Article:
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CHALMERS - Notes on the Chalmers Families of South Ayrshire - Gadgirth


"Notes on the Chalmers Families of South Ayrshire" by John G. Wilson

I am indebted to the author of this article, John Wilson of Kilwinnet, for allowing me to use his work. Please visit his own genealogy web-site Wilson of Kilwinnet

I have been informed that this article appeared in "The Scottish Genealogy Magazine" and was sent to me by David R. Chalmers of Stirling, to whom I am also indebted. It seems to be a collection of articles, and extracts relating to the name Chalmers, and is split into two parts "The Chalmers Family of Gadgirth" and "Chalmers of Colmonell Parish."


The Chalmers Family of Gadgirth, Ayrshire

De Camera (or Chalmers of Gadgirth)

This is one of the most ancient families in Ayrshire, and for many centuries held a distinguished rank among the most respectable of its lesser barons.

The name de Camera which it retained down to the reign of James VI is derived from official situation. The first of them on record have exercised the great office of "Camerarius Regis", or Great Chamberlain of Scotland in the reign of David I. "inter 1124 and 1153", and held the same under the preceding king, Alexander I. This was Herbetus Camerarius I, who is witness to several deeds in the reign of David I. Besides his lands in Ayrshire, which remained for longer than 600 years in the family, he had also the Barony of Kinniel, in the county of Linlithgow.

Reginaldus de Camera II: his son was in possession of the lands of Galdgirth in the reign of William, inter 1165 and 1214, and assumed De Camera as a surname in the same manner as the family of the Great Stewards of Scotland have assumed the name Stewart. This Reginald II is a frequent witness to the donations of Walter the High Steward, from his lands in the neighbourhood of Gadgirth, to the monastery of Paisley in 1160.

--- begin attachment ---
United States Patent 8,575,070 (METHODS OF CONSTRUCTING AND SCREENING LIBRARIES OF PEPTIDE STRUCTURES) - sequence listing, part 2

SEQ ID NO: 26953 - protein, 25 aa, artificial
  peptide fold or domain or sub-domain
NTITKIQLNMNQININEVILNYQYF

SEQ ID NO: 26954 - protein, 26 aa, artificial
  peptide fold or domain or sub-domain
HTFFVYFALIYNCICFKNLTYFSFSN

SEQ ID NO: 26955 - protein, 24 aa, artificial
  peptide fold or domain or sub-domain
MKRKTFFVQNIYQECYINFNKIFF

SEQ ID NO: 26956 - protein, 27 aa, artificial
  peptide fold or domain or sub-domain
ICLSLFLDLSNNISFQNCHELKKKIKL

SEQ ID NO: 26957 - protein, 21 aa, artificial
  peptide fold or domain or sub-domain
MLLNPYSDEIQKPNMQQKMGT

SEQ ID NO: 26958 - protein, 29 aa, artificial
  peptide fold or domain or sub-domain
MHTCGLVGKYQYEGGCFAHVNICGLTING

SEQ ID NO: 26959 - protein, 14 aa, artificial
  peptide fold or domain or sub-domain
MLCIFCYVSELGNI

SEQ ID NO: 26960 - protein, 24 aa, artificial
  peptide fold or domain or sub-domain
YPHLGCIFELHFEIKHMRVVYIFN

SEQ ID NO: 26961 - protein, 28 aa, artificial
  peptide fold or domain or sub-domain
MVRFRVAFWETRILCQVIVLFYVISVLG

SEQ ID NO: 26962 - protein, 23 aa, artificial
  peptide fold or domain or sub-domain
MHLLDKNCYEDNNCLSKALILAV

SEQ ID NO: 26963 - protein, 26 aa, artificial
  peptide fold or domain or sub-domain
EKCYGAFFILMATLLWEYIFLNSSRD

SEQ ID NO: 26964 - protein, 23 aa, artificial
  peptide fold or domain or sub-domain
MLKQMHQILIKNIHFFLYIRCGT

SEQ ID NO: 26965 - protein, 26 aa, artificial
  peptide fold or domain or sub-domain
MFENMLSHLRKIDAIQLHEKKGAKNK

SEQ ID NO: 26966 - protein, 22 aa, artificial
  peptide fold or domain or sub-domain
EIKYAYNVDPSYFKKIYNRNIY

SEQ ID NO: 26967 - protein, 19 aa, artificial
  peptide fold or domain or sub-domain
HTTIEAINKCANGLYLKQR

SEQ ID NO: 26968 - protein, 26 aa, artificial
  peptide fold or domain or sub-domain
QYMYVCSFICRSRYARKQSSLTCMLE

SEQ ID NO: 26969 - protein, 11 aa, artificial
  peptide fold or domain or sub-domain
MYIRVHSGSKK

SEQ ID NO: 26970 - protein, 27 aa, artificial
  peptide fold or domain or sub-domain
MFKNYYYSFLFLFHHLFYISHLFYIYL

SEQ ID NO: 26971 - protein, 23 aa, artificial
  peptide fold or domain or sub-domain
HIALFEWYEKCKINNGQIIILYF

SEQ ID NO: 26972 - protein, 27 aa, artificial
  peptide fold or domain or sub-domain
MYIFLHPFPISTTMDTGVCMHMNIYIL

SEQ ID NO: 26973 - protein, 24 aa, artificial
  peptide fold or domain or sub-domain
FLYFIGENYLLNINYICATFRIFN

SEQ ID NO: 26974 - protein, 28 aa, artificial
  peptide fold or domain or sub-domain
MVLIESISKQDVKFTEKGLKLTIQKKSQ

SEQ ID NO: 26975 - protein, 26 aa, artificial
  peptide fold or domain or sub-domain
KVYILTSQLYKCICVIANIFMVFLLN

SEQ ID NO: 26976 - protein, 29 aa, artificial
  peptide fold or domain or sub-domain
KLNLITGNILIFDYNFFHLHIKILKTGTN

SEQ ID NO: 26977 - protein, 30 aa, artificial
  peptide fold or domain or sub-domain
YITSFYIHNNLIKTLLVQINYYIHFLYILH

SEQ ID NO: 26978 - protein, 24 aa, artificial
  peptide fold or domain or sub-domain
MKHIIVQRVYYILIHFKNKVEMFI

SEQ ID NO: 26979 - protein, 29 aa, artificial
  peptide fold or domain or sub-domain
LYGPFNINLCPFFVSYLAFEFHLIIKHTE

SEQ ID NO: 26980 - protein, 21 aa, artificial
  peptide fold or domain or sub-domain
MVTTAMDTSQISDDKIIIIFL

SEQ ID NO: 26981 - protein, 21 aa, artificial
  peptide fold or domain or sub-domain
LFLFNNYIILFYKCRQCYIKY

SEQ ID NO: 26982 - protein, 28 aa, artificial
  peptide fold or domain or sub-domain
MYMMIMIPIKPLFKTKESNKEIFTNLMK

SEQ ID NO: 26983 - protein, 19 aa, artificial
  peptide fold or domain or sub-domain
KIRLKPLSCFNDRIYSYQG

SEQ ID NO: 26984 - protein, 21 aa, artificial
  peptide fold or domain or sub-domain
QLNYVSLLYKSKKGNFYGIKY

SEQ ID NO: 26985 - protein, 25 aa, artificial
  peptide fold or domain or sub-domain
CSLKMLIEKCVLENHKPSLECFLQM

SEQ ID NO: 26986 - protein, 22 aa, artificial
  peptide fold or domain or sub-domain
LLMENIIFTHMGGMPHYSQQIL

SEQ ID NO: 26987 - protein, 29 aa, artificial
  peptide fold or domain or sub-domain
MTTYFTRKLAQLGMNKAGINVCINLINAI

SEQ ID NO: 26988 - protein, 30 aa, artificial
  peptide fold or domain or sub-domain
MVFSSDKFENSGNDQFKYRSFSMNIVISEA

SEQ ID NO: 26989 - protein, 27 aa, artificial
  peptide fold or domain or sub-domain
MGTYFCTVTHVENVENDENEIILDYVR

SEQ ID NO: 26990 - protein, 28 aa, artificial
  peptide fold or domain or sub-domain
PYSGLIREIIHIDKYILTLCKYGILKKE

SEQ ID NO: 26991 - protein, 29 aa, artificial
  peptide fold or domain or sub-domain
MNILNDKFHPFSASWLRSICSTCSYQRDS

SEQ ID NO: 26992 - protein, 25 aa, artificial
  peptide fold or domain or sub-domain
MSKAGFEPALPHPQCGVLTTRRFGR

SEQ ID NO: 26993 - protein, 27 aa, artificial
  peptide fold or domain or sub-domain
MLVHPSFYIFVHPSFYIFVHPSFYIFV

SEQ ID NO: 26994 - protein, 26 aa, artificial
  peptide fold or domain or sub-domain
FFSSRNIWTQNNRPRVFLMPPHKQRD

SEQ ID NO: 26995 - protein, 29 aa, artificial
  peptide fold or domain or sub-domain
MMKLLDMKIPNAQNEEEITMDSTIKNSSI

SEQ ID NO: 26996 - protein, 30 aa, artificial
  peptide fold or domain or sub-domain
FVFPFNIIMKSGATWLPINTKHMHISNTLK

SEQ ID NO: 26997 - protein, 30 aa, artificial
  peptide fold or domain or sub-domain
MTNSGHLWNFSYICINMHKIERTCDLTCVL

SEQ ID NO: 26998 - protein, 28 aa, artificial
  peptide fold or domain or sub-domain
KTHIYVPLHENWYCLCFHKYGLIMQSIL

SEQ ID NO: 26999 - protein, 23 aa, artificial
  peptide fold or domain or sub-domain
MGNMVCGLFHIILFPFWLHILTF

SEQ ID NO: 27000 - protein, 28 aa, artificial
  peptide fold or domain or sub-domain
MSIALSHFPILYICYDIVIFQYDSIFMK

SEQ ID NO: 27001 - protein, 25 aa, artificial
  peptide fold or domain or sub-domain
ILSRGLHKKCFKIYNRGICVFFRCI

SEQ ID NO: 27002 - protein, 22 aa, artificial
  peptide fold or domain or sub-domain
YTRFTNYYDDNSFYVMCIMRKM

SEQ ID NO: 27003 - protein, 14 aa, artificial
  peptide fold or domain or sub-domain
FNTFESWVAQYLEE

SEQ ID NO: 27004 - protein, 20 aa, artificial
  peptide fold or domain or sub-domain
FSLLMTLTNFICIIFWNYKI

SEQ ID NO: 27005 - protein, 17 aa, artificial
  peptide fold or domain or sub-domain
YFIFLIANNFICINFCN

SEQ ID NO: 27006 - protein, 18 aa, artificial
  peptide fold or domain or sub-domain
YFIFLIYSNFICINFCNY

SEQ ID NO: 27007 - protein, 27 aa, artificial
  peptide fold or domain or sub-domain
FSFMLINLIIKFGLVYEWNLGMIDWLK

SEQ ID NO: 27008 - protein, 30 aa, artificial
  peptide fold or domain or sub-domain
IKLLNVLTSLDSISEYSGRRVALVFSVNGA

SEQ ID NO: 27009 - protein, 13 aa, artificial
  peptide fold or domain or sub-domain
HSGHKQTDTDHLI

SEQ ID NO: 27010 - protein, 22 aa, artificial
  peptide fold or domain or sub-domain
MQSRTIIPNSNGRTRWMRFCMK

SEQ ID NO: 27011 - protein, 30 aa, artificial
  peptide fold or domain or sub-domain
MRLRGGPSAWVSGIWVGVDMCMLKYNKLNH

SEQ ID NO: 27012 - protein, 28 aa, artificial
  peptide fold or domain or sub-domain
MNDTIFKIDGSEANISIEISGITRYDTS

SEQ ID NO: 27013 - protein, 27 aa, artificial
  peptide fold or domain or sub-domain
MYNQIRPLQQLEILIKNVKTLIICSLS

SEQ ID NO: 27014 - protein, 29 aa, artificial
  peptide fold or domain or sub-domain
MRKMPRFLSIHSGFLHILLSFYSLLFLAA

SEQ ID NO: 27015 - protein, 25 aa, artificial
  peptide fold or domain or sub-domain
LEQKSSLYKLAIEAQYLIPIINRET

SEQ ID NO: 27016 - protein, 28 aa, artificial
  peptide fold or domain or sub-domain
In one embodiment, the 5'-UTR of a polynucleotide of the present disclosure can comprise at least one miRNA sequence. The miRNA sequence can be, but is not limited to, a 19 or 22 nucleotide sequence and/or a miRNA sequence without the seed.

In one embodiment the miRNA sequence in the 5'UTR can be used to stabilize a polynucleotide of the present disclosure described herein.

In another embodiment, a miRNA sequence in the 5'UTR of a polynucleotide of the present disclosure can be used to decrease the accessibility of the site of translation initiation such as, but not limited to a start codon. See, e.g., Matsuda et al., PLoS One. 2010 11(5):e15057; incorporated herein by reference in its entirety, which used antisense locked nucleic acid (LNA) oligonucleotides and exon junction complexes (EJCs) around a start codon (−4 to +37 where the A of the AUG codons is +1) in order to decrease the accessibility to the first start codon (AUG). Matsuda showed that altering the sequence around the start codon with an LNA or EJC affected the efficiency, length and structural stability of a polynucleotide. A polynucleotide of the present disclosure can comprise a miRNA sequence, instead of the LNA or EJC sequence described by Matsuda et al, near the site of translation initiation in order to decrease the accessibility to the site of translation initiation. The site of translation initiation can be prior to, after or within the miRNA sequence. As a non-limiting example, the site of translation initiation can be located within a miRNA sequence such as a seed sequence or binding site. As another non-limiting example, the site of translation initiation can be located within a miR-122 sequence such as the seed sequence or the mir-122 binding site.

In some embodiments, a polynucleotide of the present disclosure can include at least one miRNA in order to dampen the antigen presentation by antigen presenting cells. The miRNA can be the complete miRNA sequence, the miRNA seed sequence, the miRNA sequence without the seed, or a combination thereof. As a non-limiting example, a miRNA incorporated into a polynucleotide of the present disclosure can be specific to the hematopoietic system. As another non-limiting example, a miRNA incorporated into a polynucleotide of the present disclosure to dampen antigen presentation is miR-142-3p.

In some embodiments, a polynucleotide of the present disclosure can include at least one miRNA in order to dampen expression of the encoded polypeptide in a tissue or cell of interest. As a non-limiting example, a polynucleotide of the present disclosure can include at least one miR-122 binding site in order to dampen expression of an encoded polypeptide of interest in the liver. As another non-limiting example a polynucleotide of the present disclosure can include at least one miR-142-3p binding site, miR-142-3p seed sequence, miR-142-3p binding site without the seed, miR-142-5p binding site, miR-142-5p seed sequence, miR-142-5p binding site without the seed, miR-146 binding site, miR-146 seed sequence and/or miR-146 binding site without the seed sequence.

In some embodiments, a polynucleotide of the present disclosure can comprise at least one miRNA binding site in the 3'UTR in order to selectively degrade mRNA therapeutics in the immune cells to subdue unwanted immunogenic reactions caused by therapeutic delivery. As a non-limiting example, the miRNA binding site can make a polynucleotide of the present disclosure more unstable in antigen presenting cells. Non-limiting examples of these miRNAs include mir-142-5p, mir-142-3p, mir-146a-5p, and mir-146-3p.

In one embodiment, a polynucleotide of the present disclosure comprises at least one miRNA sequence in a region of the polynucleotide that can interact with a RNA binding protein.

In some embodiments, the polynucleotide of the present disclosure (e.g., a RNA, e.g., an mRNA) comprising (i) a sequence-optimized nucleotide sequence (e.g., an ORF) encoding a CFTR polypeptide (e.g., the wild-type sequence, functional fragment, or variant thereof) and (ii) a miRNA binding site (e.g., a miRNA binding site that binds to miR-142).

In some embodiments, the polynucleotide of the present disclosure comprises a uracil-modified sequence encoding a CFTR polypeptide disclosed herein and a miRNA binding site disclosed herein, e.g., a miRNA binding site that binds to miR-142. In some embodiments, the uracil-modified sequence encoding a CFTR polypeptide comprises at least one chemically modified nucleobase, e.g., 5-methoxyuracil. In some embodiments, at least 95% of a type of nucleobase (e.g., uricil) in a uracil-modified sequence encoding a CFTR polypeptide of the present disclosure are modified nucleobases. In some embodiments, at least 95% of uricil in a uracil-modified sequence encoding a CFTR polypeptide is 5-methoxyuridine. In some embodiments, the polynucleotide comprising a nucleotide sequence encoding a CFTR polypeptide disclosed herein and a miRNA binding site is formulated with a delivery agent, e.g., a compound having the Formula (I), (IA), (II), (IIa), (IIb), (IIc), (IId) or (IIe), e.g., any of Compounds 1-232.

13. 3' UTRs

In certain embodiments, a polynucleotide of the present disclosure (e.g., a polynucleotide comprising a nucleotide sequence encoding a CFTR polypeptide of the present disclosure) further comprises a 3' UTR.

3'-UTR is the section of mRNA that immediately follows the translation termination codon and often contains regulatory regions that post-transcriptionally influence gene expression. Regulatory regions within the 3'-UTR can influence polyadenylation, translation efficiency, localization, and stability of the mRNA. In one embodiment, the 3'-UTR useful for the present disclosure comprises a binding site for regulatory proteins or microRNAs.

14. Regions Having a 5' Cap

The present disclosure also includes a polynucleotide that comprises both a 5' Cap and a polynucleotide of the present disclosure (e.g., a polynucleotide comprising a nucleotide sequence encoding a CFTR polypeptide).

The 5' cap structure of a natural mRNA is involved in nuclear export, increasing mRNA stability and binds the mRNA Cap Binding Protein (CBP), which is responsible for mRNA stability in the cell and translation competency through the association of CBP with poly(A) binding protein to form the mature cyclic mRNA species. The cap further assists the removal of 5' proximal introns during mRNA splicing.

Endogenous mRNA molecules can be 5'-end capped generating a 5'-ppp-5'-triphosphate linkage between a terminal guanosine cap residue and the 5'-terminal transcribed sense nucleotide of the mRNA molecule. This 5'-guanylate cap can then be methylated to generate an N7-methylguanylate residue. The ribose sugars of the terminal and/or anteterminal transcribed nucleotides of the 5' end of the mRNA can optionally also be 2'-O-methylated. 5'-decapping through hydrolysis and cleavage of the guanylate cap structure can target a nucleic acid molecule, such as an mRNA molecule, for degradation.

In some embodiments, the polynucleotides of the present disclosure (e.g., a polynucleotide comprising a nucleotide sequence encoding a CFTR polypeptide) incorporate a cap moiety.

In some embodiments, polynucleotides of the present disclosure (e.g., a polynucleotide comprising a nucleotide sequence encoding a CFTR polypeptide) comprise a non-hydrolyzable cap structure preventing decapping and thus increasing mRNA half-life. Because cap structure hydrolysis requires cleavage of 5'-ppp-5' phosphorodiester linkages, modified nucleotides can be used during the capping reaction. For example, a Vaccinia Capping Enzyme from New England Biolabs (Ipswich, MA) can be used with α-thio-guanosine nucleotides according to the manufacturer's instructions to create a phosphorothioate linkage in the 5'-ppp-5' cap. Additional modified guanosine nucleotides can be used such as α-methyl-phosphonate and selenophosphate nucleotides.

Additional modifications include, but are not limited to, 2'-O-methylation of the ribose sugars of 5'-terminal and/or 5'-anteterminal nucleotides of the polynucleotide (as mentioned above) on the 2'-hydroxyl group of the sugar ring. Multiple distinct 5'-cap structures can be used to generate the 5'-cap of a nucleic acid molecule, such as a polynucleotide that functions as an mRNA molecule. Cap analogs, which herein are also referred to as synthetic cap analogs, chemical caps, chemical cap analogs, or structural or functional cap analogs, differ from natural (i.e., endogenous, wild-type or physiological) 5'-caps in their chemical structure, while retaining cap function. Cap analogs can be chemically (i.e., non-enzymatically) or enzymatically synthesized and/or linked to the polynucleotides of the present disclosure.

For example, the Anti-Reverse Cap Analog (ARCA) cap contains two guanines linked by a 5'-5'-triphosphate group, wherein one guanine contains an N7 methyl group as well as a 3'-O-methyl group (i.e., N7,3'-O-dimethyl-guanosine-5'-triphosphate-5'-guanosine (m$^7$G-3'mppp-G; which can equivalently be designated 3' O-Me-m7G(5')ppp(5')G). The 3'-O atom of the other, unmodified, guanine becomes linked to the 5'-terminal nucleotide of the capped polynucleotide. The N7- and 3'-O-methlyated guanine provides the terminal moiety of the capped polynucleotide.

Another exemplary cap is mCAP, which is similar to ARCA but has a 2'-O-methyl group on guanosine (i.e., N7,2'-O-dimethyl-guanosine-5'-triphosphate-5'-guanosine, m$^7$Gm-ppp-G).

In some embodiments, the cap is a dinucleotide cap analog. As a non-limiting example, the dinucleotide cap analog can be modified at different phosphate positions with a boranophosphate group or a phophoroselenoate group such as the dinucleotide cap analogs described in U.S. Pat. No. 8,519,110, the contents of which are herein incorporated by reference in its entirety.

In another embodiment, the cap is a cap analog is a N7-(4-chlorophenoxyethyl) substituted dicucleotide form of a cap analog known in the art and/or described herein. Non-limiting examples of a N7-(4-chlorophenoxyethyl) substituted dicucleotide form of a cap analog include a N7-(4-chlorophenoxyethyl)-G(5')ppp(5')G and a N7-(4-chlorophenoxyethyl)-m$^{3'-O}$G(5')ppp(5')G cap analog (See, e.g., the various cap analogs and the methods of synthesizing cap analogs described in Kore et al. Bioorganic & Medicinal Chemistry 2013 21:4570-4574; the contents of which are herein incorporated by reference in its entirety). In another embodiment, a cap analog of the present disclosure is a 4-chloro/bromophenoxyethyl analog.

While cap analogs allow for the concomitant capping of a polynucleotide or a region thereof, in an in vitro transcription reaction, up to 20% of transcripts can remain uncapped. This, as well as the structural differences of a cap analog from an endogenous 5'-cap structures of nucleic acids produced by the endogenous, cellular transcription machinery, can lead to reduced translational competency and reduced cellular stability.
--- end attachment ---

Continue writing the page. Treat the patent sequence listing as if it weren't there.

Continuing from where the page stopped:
Willielmus de Camera V among the rest of the barons in Kyle, appears in the Ragman Roll swearing an extorted allegiance to Edward I of England. This William, there is reason to believe, was of Gadgirth, as no other of the family of De Camera are known to have existed in Ayrshire till many ages afterwards.

Reginald de Camera VI, his son took an active part in support of the claims of Robert Bruce to the Scottish throne, and after the battle of Bannockburn, in 1314, he had charter under the Great Seal, of his own lands of Gadgirth.

Willaim de Camera de Galdgirth VII, son of the preceding, took the same active part with David Bruce, King of Scots, as his father dis with Robert.

Reginald de Camera de Galdgirth VIII, succeeded his father in that estate. He also acquired the lands of Auchenfeoch in Renfrewshire, the charter is dated 1375. These lands later called Craigenfeochchalmer remained with the family till 1507 (it belonged to Lord Sempill in 1825).